The petitioners argued at the hearing that the cul-de-sac is safer and overall better for traffic on Cottonwood Avenue, particularly for emergency and courier vehicles, which is a significant public need. to keep it in place. The petition states that the use of a hammerhead flip, requiring a multi-point turn, is “dangerous and a waste of time”.

Public commentators in front of the council, all but one resident of Cottonwood or Walker Street, said there had been a dramatic increase in traffic due to the presence of the Taylor community and that the cul-de-sac was essential to keep traffic safe and flowing in a neighborhood with many dog ​​walkers and children.

“A hammer over a cul-de-sac isn’t as safe,” said Nancy Ettelson, one of the petitioners who, aside from Taylor, is the only Cottonwood resident whose property adjoins the cul-de-sac. “It’s not as safe as driving around a cul-de-sac with your headlights showing you everything you see around it,” especially in the dark or in bad weather.

Cottonwood resident Jim Arsenault, who served on the Taylor Community Board for nine years and served as chairman of that board and chair of its finance committee, said he does not support any street changes and encouraged the council to accept the cul-de-sac. “I wholeheartedly support [Taylor’s] mission, but in this case I think they are wrong,” Arsenault said.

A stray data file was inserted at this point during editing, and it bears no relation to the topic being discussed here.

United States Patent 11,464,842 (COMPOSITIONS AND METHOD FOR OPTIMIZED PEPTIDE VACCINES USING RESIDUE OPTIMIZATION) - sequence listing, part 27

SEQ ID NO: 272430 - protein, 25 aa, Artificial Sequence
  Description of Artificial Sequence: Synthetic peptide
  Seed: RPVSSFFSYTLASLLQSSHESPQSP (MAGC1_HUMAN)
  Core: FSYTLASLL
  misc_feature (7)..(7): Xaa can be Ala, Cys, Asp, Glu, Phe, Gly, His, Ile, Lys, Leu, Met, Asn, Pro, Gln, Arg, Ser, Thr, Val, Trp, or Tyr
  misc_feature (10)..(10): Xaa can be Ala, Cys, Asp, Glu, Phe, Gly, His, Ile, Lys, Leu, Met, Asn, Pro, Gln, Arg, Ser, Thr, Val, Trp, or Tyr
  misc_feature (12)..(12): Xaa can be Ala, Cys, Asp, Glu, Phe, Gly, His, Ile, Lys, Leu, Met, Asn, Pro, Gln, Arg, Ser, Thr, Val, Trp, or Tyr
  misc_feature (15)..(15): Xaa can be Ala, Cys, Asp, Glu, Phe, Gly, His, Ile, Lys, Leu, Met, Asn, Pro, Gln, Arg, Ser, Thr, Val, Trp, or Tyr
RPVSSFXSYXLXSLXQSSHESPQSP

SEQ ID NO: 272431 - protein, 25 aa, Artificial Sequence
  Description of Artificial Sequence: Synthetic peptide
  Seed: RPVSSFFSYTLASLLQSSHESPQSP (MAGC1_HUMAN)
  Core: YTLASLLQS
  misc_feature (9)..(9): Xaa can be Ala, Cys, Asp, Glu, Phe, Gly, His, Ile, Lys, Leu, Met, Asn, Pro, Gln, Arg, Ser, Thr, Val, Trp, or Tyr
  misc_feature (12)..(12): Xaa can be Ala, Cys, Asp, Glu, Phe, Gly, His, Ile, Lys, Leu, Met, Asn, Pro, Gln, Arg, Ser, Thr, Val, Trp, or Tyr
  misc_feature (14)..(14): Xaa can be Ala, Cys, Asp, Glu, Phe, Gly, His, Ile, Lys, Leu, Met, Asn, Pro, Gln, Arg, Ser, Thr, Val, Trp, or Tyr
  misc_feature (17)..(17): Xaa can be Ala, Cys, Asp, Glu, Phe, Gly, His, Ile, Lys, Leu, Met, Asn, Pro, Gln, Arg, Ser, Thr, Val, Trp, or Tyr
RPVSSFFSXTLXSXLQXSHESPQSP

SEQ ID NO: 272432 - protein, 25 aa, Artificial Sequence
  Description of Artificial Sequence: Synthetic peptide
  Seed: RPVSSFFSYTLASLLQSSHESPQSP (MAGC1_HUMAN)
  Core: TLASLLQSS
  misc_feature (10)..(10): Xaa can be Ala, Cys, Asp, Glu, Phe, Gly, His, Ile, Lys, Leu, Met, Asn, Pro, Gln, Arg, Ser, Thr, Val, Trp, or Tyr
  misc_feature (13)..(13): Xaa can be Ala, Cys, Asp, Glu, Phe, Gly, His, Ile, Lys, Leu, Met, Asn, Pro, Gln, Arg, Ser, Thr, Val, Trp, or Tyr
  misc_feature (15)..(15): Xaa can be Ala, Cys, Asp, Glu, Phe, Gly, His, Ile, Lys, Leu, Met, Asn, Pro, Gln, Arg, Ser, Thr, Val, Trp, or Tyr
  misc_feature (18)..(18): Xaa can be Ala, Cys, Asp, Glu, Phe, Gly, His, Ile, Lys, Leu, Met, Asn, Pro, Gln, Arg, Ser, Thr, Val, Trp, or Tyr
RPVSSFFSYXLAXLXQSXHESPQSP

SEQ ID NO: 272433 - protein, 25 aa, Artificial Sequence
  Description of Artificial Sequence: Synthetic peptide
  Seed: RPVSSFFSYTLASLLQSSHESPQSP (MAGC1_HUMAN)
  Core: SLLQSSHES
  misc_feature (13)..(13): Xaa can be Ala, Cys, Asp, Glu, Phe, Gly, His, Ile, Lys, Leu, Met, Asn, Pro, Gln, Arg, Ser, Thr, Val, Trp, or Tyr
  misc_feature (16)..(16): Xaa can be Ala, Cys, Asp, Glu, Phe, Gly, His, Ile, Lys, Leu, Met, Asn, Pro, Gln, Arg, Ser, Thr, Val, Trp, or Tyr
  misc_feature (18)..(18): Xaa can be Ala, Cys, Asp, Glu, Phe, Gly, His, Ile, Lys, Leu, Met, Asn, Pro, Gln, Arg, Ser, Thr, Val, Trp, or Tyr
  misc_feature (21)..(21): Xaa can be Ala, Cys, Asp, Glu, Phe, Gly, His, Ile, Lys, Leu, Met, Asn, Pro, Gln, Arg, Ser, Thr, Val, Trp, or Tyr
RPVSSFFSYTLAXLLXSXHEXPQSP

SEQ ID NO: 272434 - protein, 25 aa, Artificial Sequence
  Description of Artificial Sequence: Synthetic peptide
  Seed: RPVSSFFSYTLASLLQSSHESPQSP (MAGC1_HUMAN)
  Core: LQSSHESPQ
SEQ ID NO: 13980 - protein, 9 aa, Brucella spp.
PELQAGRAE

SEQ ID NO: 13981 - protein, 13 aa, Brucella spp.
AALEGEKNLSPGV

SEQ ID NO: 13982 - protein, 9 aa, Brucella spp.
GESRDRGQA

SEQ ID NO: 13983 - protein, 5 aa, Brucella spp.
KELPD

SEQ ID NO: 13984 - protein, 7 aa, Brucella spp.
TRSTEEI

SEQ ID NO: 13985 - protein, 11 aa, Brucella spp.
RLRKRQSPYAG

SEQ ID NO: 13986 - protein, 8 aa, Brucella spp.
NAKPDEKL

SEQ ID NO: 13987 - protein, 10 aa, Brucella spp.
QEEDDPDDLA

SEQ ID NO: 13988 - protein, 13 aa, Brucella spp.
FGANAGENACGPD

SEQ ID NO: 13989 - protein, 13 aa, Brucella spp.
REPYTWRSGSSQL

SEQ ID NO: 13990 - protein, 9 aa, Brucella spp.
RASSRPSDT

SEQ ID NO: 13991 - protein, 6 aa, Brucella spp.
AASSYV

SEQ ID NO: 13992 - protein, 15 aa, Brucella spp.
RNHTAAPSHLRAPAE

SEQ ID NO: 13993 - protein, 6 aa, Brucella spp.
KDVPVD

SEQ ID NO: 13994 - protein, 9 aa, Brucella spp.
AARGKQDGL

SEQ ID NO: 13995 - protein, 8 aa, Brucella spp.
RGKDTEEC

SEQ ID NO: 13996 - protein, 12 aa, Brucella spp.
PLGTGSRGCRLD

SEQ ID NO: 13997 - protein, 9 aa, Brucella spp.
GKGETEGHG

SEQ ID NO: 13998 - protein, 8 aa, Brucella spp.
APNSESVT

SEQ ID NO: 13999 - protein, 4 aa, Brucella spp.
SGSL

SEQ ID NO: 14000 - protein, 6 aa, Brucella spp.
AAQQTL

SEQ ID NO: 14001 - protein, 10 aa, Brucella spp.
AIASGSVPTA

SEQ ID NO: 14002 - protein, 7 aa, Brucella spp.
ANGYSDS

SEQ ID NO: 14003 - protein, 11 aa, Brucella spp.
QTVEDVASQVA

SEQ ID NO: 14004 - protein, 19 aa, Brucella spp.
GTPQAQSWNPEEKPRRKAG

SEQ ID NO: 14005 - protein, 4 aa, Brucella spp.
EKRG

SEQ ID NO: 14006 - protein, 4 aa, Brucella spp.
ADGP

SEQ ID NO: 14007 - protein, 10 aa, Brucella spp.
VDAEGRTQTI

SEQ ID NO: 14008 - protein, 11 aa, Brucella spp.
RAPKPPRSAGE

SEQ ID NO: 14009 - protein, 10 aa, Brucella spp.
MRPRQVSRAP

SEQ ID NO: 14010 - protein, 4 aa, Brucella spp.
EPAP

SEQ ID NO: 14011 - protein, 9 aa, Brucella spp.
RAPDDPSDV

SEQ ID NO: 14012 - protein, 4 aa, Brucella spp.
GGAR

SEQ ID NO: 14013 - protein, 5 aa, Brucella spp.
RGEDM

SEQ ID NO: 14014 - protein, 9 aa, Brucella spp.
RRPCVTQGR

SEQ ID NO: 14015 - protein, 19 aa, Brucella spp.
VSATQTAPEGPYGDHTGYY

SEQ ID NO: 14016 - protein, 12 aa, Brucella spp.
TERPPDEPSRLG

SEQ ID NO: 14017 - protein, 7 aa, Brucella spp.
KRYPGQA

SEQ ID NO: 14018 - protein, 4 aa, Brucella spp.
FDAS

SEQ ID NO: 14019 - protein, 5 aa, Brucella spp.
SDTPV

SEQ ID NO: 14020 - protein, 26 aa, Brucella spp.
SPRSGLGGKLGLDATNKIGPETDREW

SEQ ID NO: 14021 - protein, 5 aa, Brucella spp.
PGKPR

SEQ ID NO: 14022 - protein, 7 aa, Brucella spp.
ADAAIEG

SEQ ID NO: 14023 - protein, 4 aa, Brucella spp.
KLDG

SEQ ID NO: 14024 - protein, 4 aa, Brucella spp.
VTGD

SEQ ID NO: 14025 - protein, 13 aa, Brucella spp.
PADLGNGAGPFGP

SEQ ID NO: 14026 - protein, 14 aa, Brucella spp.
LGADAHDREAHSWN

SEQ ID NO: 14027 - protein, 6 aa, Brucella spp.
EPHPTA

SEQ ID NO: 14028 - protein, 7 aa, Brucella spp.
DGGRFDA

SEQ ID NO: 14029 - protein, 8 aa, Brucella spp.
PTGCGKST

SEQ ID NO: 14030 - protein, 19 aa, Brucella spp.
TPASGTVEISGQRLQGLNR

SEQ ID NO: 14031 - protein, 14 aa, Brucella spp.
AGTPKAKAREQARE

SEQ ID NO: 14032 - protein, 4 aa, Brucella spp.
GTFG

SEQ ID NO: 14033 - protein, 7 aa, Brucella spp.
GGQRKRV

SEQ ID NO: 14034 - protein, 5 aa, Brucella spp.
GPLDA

Daniel Schoeder said he bought his house on Cottonwood Avenue because of the cul-de-sac and expressed concern about the safe handling of emergency vehicles.

Although commentators noted that they were supportive of Taylor and her mission, they also criticized the Taylor community for increased traffic and noise on what they described as a once-quiet street.

Vice President of Facilities Management Kirk Beswick spoke on behalf of Taylor.

“We pay more taxes than all the people represented here put together. We’re invested in the community … And the increased traffic allows us to maintain the property we purchased,” Beswick said.

“We are a good neighbour,” he continued. “Most people here who talk about walking their dogs come into our property.”

“Let’s not lose in this conversation the fact that Taylor Community is a good neighbor,” Beswick told the council. “What’s really at stake here, and what you have to decide, is property rights.”

Although the potential reconstruction is significant in large part to the residents of Cottonwood Avenue, the petition argues that they represent a large enough portion of the city’s tax base to qualify their interest as a public interest.

“The city’s interest in providing a circular cul-de-sac that provides safe and efficient traffic flow for an 1,800-foot dead-end street with 30 homes,” the petition argues, “far outweighs the desire of Taylor to build one more residential unit.

The Taylor Community disputes this point, arguing in its written response to the petition that “the extraordinarily limited alleged ‘public need’ does not outweigh Taylor’s fundamental property rights”.

“We are talking about a three-point turn instead of a turnover. Is it in the public interest to seize someone’s property? I don’t think so,” Cole said.